Bitcoin's Busy Year


On Wednesday, BitPay, the world's leading Bitcoin payment processor, introduced a new WordPress tool integrating its services with Fulfillment by Amazon which stores, packs, ships and provides customer service to those using the Amazon marketplace, is available to merchants who do not sell their products through Amazon but who still want to provide the same quality services.  Less than a week ago Mt. Gox — the world's leading Bitcoin exchange—announced their exclusive partner in the US and Canada. Just a few days earlier the first Bitcoin ATM, was unveiled. 

It's been a busy two weeks for the cryptocurrency and its loyal followers, especially here in the United States. The first Bitcoin ATM graced the world on Feb. 23, thanks to Zach Harvey and Matt Whitlock of Lammasu Bitcoin Advisors in New Hampshire. 

Credit: Zcopley/

Mt. Gox, based in Japan, joined forces with Coinlab — the world's first US-venture backed Bitcoin company — to cater to their customer base in the US and Canada.

The idea that WordPress users can accept Bitcoin might not sound new, and that's because it isn't. WooCommerce, the predecessor to BitPay WooCommerce, was released in November of last year. Now the partnership between BitPay, based in Atlanta Ga., and Amazon allows for merchants using WordPress to accept Bitcoin with ease while providing their customers with all of the benefits Fulfillment by Amazon has to offer.

BitPay has made accepting Bitcoin easier, verifying transactions, converting Bitcoin into the merchants desired currency and offering direct deposit for those payments. Adding the benefits of a Fulfillment by Amazon allows merchants to store their products in Fulfillment centers, where Amazon packages and ships the items and provides customer service in place of the individual seller.

Bitcoin has only been around since 2009 and since then it has been haunted by a shady past involving online gambling and illicit drug purchases.

But how exactly does that differ from the way any other currency is used?

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  1. Anyone here actively use Bitcoin? I’ve been considering it for a while, but i’m leery on it’s stability.

    1. i bought $100 USD a few months back to play on the silkroad. it’s not easy to get in and out but getting easier.

      this or something like it has be end of nation-states as we know them. they regulate the transaction b/c in dollars or euros. if the transaction is untraceable how can they prosecute.

      1. You’re kidding, right? You know it’s traceable.

        1. it doesn’t go through a bank, they would have to physically confiscate your computer.

          governments rely on peer pressure to make people ‘voluntarily’ pay. once that goes away, the state goes away.

          1. yes, you’re correct. It’s harder to confiscate, but that is not the same as “untraceable”. With enough computational power, breaking a single SHA-256 instance, by brute force if necessary, is doable (say, within a week) and that unlocks the chain of possession.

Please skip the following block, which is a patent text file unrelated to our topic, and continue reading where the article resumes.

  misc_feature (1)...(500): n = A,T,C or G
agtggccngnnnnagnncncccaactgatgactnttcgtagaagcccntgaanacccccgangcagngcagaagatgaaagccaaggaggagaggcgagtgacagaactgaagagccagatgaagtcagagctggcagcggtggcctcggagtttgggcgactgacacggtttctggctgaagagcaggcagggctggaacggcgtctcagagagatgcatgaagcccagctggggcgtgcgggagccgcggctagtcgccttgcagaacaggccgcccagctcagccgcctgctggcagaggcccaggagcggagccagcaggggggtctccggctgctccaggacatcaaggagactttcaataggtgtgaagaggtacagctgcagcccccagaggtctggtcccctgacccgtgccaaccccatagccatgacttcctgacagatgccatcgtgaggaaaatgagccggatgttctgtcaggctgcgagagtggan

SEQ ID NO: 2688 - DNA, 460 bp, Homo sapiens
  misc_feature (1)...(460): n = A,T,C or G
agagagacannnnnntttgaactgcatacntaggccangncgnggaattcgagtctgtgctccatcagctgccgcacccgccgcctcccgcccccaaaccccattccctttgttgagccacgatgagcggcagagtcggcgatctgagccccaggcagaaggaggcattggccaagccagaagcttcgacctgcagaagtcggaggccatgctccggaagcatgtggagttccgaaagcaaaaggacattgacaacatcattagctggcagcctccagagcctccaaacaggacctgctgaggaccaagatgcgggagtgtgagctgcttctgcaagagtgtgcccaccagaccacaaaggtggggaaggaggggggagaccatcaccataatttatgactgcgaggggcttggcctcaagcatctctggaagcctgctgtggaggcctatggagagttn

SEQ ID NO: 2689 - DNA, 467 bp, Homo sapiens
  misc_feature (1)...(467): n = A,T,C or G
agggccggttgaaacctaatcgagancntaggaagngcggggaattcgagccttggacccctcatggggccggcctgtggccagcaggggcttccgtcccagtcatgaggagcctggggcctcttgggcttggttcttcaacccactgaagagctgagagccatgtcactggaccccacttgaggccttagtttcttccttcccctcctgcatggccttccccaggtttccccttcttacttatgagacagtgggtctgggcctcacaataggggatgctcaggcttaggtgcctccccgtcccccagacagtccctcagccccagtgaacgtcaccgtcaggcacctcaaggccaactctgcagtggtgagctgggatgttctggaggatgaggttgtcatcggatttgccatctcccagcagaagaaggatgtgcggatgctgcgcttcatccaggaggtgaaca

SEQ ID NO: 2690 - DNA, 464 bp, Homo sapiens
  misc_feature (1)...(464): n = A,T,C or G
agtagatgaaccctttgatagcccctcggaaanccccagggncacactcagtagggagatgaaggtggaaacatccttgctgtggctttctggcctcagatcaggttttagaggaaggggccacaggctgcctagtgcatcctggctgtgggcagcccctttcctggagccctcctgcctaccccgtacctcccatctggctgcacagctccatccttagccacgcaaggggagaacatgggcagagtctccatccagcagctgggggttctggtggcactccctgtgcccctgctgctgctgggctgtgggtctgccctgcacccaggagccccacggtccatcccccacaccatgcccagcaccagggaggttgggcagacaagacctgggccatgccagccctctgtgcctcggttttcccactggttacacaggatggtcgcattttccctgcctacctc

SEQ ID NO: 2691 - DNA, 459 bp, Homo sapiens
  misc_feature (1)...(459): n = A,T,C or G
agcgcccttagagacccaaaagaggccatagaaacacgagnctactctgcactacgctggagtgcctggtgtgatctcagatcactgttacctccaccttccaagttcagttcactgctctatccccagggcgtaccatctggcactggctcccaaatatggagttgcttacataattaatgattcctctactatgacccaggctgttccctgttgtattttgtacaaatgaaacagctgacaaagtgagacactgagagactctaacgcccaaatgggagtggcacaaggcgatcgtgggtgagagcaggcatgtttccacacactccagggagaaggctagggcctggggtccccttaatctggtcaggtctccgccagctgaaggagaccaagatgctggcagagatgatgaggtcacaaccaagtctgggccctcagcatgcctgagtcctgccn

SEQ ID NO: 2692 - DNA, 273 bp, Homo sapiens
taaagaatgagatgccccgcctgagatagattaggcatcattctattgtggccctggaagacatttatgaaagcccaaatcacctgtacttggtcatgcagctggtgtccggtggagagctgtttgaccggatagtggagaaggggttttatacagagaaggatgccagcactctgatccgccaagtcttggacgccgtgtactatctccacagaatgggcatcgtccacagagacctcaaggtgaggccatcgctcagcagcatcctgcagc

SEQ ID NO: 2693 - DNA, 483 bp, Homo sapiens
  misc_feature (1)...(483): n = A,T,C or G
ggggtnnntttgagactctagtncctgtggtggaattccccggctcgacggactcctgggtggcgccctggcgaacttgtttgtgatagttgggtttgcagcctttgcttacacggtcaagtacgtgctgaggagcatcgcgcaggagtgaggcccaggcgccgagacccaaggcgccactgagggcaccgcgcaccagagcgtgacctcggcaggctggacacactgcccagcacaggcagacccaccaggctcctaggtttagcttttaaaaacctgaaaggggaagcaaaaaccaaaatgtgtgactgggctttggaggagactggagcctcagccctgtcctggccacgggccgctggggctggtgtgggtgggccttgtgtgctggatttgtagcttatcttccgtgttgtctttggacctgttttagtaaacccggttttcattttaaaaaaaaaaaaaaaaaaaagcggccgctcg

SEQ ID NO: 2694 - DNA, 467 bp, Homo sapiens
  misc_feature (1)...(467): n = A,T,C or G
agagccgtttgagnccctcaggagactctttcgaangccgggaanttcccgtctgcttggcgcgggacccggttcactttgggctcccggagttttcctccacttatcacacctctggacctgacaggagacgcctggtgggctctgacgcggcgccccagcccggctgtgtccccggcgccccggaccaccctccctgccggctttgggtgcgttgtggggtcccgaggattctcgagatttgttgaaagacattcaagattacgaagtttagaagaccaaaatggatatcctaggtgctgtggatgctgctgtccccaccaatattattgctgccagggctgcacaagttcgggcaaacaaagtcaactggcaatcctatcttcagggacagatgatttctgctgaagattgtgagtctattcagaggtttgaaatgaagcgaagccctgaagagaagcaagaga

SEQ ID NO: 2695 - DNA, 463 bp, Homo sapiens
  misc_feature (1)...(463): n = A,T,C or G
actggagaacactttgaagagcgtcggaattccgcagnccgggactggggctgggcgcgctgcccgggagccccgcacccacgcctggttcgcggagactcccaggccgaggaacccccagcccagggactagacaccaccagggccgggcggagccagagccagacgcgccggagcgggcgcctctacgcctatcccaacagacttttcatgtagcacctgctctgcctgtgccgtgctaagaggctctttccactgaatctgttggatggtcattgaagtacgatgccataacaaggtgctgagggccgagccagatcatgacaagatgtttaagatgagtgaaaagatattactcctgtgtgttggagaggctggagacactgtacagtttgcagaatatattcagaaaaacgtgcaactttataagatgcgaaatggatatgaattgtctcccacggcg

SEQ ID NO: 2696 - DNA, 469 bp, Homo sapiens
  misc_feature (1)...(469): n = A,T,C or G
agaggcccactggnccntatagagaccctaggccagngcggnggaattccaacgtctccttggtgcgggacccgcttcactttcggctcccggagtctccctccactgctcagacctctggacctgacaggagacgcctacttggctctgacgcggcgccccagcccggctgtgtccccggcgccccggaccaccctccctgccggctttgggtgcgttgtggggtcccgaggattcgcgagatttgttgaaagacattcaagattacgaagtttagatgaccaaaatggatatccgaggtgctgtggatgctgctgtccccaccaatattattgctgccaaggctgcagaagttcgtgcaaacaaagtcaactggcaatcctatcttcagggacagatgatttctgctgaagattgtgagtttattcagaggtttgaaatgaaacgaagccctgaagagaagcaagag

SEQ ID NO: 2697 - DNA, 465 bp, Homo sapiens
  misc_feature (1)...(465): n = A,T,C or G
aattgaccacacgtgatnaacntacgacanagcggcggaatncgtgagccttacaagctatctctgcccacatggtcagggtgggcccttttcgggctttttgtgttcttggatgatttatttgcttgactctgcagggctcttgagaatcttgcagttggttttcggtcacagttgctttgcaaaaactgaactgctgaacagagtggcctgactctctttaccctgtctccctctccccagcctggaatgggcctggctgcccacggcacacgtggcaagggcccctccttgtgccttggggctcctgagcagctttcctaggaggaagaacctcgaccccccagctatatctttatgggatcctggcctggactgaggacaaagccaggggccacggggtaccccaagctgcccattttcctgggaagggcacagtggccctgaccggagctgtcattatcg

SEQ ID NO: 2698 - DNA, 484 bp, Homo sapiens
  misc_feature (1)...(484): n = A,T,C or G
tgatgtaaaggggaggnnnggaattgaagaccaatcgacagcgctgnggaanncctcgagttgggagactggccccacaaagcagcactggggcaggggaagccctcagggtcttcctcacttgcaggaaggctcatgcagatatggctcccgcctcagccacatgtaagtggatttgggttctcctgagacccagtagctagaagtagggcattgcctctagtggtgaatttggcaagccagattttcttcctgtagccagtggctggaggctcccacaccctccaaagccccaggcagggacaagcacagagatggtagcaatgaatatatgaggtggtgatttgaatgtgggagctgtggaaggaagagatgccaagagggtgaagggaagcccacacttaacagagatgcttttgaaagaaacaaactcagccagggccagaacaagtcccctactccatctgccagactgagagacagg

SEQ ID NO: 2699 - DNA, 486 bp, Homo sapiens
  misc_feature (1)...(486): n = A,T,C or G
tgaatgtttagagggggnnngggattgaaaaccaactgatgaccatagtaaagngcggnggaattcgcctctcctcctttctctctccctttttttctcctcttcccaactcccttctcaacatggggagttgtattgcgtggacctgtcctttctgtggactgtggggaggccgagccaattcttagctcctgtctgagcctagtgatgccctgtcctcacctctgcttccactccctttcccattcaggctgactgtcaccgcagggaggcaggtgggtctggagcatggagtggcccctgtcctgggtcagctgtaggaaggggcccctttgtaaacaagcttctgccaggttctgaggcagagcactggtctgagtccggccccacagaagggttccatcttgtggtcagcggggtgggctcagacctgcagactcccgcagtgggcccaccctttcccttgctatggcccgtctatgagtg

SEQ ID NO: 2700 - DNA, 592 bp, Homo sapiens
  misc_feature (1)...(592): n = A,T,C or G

1. That is an incredible over-simplification. Identifying the correct block chain of a specific transaction and decrypting a hash for one function in that block chain are two entirely different matters.
              Traceability isn’t the issue. The issue is it does not require banks to function, and cannot be centrally managed by a Federal Reserve system.
              Breaking control of the money supply is what would threaten the modern state. And yes, bitcoin is very threatening to the modern state.

            2. With enough computational power, breaking a single SHA-256 instance, by brute force if necessary, is doable (say, within a week) and that unlocks the chain of possession.

              You’re incorrect by orders of trillions.

              Please read the below by noted cryptographer Bruce Schneier. It helps to illustrate the huge namespace taken up by a 256-bit encryption scheme and why Bitcoin is safer than any fiat currency. Note: Schneier didn’t write this about Bitcoin, just about 256-bit bruteforcing in general.

              “These numbers have nothing to do with the technology of the devices; they are the maximums that thermodynamics will allow. And they strongly imply that brute-force attacks against 256-bit keys will be infeasible until computers are built from something other than matter and occupy something other than space.”

              -Bruce Schneier

    2. I’ve been considering it as well just to score some bud off of the silkroad.. but i am not sure how trusty wusty they are, can they scam you, what kind of securities does the silk road have, overall Bitcoin seems pretty secure what with the double peer to peer and universally accesible logs n stuff, and i am not afraid of trading with that, just afraid of trading 4 da stuff…

  2. Well, this whole idea sounds just a tad shady to me. I mean, who would need some alternate currency, other than a drug dealer or terrorist. Anyone suspected of using this should be immediately visited by DHS to see just what they are up to, and it’s no good, I can assure you. We have to nip this one in the bud.

    People thinking they can just make their own currency, hmm, next thing you know people will be thinking they can grow their own food, or make their own beer, crazy anarchists.